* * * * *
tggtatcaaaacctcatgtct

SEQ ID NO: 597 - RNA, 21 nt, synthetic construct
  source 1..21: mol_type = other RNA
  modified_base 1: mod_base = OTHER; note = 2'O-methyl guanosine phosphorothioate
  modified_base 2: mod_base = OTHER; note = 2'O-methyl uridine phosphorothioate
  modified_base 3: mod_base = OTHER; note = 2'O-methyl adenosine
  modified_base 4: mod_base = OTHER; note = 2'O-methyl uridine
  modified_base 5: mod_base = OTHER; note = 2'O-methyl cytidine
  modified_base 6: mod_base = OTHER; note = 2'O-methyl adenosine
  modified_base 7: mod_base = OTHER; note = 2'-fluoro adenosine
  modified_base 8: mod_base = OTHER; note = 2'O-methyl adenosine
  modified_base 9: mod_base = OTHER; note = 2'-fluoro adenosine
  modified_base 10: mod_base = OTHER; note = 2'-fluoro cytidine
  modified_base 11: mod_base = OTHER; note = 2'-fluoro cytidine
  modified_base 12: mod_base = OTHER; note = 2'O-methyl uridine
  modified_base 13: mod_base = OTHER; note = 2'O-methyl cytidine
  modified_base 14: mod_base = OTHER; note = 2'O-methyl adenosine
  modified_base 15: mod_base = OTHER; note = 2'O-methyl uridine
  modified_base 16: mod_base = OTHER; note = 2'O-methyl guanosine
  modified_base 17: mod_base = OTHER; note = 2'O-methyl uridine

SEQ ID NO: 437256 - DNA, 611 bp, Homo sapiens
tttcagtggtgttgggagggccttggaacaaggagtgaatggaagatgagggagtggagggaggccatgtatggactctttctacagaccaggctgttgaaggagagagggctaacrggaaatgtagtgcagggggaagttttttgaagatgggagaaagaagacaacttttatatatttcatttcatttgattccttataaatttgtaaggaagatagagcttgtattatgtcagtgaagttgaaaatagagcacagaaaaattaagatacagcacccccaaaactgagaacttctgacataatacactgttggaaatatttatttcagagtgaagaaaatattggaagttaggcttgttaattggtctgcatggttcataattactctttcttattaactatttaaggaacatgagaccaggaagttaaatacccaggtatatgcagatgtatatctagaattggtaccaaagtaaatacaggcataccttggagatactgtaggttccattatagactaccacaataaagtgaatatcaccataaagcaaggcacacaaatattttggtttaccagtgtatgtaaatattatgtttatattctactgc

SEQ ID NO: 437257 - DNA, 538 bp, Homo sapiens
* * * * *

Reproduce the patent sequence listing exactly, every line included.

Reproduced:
tggtatcaaaacctcatgtct

SEQ ID NO: 597 - RNA, 21 nt, synthetic construct
  source 1..21: mol_type = other RNA
  modified_base 1: mod_base = OTHER; note = 2'O-methyl guanosine phosphorothioate
  modified_base 2: mod_base = OTHER; note = 2'O-methyl uridine phosphorothioate
  modified_base 3: mod_base = OTHER; note = 2'O-methyl adenosine
  modified_base 4: mod_base = OTHER; note = 2'O-methyl uridine
  modified_base 5: mod_base = OTHER; note = 2'O-methyl cytidine
  modified_base 6: mod_base = OTHER; note = 2'O-methyl adenosine
  modified_base 7: mod_base = OTHER; note = 2'-fluoro adenosine
  modified_base 8: mod_base = OTHER; note = 2'O-methyl adenosine
  modified_base 9: mod_base = OTHER; note = 2'-fluoro adenosine
  modified_base 10: mod_base = OTHER; note = 2'-fluoro cytidine
  modified_base 11: mod_base = OTHER; note = 2'-fluoro cytidine
  modified_base 12: mod_base = OTHER; note = 2'O-methyl uridine
  modified_base 13: mod_base = OTHER; note = 2'O-methyl cytidine
  modified_base 14: mod_base = OTHER; note = 2'O-methyl adenosine
  modified_base 15: mod_base = OTHER; note = 2'O-methyl uridine
  modified_base 16: mod_base = OTHER; note = 2'O-methyl guanosine
  modified_base 17: mod_base = OTHER; note = 2'O-methyl uridine

SEQ ID NO: 437256 - DNA, 611 bp, Homo sapiens
tttcagtggtgttgggagggccttggaacaaggagtgaatggaagatgagggagtggagggaggccatgtatggactctttctacagaccaggctgttgaaggagagagggctaacrggaaatgtagtgcagggggaagttttttgaagatgggagaaagaagacaacttttatatatttcatttcatttgattccttataaatttgtaaggaagatagagcttgtattatgtcagtgaagttgaaaatagagcacagaaaaattaagatacagcacccccaaaactgagaacttctgacataatacactgttggaaatatttatttcagagtgaagaaaatattggaagttaggcttgttaattggtctgcatggttcataattactctttcttattaactatttaaggaacatgagaccaggaagttaaatacccaggtatatgcagatgtatatctagaattggtaccaaagtaaatacaggcataccttggagatactgtaggttccattatagactaccacaataaagtgaatatcaccataaagcaaggcacacaaatattttggtttaccagtgtatgtaaatattatgtttatattctactgc

SEQ ID NO: 437257 - DNA, 538 bp, Homo sapiens